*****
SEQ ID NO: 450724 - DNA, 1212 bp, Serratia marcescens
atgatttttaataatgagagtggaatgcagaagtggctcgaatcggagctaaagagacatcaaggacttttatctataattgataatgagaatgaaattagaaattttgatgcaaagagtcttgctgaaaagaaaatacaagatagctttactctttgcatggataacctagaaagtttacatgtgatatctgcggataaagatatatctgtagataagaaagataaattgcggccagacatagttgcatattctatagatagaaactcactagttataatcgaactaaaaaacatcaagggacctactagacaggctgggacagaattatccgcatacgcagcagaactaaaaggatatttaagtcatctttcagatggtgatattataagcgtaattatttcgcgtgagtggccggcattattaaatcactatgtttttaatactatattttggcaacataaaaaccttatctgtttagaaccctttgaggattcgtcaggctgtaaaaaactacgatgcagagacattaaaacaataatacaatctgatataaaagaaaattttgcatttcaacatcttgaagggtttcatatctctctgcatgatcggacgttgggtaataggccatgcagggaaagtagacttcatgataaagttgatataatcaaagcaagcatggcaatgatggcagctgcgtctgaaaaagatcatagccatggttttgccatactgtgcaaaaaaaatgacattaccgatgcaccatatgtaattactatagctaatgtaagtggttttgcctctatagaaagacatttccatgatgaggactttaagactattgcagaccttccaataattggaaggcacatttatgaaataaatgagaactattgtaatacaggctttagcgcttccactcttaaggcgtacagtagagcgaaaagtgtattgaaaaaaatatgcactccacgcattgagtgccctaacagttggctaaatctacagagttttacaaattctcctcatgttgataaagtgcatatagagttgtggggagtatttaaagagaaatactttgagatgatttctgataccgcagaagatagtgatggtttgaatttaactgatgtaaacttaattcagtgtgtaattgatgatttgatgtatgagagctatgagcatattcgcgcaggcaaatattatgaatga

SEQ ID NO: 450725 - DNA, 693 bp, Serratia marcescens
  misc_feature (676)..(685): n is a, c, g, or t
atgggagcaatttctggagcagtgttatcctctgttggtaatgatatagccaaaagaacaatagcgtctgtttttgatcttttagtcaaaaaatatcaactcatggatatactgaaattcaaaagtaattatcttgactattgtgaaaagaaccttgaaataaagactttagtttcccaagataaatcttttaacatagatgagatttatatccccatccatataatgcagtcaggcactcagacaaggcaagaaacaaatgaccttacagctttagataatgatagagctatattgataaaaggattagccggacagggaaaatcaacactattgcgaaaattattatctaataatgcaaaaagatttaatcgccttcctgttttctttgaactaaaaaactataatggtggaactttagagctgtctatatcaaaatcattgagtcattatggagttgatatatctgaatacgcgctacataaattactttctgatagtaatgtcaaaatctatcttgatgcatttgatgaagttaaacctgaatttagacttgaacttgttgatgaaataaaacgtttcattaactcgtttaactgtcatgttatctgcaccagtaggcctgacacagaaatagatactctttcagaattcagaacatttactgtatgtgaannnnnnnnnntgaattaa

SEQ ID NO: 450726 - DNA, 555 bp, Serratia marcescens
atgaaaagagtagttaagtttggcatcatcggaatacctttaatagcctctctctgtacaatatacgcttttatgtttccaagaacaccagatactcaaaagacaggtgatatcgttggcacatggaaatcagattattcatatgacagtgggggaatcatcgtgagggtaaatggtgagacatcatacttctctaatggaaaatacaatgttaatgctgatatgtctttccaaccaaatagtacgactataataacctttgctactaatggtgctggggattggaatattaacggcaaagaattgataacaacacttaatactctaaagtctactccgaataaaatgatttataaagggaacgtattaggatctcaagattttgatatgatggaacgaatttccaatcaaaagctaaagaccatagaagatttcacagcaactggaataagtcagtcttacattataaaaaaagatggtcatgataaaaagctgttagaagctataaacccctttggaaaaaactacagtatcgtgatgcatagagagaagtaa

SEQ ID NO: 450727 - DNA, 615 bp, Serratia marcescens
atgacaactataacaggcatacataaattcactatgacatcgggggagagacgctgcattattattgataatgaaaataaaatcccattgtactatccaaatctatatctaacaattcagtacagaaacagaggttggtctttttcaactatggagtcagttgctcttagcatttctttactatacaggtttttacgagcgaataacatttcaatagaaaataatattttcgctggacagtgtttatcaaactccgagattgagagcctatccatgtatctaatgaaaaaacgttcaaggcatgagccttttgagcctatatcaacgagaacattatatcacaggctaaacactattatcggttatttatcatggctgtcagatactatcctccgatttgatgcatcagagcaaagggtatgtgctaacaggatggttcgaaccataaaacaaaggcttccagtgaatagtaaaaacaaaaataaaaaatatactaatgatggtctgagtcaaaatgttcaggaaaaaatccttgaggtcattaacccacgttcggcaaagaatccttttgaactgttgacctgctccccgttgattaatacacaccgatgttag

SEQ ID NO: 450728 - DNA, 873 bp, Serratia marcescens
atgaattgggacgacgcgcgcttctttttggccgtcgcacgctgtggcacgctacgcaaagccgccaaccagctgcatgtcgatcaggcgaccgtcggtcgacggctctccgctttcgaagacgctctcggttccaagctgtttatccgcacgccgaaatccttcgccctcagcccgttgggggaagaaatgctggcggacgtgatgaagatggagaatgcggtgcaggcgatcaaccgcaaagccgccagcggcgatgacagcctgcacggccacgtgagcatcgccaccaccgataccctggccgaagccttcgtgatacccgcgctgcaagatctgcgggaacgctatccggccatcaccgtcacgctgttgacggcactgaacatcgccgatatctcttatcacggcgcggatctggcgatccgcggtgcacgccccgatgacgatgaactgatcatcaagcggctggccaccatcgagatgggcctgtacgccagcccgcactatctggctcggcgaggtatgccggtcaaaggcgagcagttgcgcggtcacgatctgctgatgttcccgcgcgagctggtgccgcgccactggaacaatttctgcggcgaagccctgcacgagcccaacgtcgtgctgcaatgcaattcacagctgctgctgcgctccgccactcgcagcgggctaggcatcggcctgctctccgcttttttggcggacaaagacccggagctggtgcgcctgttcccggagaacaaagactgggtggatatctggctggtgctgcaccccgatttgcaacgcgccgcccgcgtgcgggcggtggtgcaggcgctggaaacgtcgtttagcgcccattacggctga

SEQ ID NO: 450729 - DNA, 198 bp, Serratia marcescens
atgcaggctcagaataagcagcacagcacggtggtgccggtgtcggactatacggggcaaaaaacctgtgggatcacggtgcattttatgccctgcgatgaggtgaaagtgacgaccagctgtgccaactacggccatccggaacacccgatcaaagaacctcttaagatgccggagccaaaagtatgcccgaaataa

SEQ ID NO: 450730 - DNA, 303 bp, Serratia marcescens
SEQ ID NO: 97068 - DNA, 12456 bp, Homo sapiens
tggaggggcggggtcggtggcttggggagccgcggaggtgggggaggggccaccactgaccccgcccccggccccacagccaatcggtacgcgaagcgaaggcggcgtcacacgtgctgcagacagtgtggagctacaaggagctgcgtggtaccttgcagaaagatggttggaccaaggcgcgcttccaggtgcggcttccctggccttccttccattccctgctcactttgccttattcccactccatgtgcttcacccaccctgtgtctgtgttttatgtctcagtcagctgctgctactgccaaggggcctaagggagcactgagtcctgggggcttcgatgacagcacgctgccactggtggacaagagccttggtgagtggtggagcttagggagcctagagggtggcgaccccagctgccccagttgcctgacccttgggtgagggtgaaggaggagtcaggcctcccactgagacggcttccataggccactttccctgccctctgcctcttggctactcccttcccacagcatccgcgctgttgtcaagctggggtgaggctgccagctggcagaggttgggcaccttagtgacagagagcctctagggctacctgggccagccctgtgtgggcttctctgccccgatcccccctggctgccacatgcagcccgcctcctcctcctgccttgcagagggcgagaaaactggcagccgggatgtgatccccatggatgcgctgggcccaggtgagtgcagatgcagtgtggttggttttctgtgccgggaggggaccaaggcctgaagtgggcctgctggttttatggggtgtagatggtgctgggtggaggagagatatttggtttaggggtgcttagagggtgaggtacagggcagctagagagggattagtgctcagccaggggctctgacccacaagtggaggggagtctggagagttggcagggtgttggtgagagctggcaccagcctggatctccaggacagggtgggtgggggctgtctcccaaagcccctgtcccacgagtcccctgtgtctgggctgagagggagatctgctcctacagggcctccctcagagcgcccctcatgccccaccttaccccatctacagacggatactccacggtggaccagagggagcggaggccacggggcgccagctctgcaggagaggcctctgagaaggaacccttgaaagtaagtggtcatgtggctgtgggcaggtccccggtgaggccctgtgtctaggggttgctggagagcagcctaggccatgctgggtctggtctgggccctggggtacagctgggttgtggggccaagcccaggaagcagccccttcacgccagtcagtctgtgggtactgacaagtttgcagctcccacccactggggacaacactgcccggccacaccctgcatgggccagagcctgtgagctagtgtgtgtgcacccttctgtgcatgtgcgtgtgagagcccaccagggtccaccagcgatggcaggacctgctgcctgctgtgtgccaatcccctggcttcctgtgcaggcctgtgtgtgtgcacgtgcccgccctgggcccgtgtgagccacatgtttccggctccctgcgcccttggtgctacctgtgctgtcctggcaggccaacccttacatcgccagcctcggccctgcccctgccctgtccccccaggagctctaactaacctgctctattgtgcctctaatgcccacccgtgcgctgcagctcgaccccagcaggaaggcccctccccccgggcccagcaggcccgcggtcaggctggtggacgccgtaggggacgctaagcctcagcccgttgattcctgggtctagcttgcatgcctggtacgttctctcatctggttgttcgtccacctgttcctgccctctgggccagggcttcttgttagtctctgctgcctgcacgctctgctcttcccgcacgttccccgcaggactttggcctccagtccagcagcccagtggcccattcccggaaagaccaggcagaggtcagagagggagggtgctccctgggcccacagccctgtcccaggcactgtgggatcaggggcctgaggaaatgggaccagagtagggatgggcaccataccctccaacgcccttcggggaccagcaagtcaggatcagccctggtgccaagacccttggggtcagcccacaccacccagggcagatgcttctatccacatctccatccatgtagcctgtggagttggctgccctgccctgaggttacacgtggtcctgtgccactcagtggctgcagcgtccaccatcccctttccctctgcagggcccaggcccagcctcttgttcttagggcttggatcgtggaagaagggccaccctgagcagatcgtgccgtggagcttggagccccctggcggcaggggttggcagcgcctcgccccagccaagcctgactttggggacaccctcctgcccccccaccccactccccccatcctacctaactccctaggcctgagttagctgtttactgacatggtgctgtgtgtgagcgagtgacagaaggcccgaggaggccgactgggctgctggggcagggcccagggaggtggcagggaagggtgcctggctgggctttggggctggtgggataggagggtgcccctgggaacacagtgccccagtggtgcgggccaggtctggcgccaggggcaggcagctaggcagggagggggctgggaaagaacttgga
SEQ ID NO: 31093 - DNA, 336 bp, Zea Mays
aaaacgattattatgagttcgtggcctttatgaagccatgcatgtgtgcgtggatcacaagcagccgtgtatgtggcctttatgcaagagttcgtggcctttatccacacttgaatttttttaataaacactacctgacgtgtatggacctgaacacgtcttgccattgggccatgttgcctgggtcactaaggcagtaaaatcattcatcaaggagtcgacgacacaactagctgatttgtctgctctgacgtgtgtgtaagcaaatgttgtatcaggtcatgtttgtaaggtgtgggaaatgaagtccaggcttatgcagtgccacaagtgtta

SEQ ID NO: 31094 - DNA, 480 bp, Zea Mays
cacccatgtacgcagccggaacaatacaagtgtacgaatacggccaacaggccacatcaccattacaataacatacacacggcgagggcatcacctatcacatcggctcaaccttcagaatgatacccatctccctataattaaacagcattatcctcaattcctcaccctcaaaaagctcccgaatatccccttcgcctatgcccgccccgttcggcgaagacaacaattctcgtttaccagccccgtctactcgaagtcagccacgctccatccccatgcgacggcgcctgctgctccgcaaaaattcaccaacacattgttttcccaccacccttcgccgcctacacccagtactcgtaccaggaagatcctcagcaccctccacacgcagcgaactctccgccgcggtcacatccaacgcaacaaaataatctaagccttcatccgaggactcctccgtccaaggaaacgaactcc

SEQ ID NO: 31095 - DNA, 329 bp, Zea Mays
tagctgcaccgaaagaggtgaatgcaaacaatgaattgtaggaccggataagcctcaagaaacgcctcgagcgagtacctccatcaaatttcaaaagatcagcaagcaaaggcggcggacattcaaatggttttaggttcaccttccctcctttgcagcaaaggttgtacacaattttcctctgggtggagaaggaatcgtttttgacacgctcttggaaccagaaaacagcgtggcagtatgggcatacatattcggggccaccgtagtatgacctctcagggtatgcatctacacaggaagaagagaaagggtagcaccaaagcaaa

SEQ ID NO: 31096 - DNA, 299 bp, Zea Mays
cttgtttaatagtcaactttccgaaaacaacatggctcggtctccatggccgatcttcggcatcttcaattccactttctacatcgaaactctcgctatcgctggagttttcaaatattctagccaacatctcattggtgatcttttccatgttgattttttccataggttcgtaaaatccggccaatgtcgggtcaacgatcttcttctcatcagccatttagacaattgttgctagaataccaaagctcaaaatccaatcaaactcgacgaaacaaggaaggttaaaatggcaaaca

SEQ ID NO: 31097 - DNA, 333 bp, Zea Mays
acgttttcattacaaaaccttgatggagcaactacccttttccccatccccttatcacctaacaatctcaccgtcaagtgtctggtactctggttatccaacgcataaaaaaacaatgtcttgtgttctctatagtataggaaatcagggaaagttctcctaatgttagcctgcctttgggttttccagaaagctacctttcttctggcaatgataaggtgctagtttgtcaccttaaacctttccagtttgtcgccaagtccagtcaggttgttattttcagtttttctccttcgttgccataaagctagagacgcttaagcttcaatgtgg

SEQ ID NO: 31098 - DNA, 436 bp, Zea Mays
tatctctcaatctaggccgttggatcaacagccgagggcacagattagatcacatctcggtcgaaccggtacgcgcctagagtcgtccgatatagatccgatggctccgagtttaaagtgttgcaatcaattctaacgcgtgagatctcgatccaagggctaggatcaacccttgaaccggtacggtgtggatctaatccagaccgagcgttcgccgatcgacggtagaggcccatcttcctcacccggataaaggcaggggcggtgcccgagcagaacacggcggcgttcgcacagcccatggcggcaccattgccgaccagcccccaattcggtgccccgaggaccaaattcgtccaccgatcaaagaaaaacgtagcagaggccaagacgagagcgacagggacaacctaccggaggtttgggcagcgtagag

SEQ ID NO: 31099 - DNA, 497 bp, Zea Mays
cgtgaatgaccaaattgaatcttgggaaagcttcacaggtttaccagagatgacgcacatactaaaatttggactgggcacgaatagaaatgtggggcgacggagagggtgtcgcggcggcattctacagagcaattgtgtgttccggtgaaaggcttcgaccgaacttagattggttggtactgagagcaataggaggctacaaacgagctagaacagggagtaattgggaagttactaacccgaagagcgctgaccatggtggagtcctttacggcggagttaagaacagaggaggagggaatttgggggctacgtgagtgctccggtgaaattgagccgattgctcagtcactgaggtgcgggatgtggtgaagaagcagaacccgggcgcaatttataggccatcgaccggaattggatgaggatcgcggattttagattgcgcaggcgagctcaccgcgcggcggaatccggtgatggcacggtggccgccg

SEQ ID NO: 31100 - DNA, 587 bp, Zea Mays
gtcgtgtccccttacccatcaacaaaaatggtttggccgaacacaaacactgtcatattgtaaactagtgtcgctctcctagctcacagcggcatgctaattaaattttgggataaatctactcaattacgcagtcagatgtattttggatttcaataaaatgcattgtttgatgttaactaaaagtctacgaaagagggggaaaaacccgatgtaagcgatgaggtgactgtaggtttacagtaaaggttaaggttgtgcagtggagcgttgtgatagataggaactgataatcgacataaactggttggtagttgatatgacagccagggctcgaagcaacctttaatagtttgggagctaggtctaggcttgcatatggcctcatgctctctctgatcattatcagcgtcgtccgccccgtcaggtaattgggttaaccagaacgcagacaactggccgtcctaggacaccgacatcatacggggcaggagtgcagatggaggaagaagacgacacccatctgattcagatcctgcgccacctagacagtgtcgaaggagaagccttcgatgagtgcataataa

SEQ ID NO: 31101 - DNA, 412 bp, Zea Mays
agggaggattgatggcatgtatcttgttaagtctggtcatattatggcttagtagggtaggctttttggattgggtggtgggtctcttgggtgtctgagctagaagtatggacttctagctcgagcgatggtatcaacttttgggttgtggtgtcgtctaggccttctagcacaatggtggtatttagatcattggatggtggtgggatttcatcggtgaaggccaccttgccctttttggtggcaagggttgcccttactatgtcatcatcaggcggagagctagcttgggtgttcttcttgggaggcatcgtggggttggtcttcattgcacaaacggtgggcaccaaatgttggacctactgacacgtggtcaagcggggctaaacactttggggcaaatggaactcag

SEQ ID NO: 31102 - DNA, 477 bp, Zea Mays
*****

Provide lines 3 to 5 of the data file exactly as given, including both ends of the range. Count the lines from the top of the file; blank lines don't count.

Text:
SEQ ID NO: 450725 - DNA, 693 bp, Serratia marcescens
  misc_feature (676)..(685): n is a, c, g, or t
atgggagcaatttctggagcagtgttatcctctgttggtaatgatatagccaaaagaacaatagcgtctgtttttgatcttttagtcaaaaaatatcaactcatggatatactgaaattcaaaagtaattatcttgactattgtgaaaagaaccttgaaataaagactttagtttcccaagataaatcttttaacatagatgagatttatatccccatccatataatgcagtcaggcactcagacaaggcaagaaacaaatgaccttacagctttagataatgatagagctatattgataaaaggattagccggacagggaaaatcaacactattgcgaaaattattatctaataatgcaaaaagatttaatcgccttcctgttttctttgaactaaaaaactataatggtggaactttagagctgtctatatcaaaatcattgagtcattatggagttgatatatctgaatacgcgctacataaattactttctgatagtaatgtcaaaatctatcttgatgcatttgatgaagttaaacctgaatttagacttgaacttgttgatgaaataaaacgtttcattaactcgtttaactgtcatgttatctgcaccagtaggcctgacacagaaatagatactctttcagaattcagaacatttactgtatgtgaannnnnnnnnntgaattaa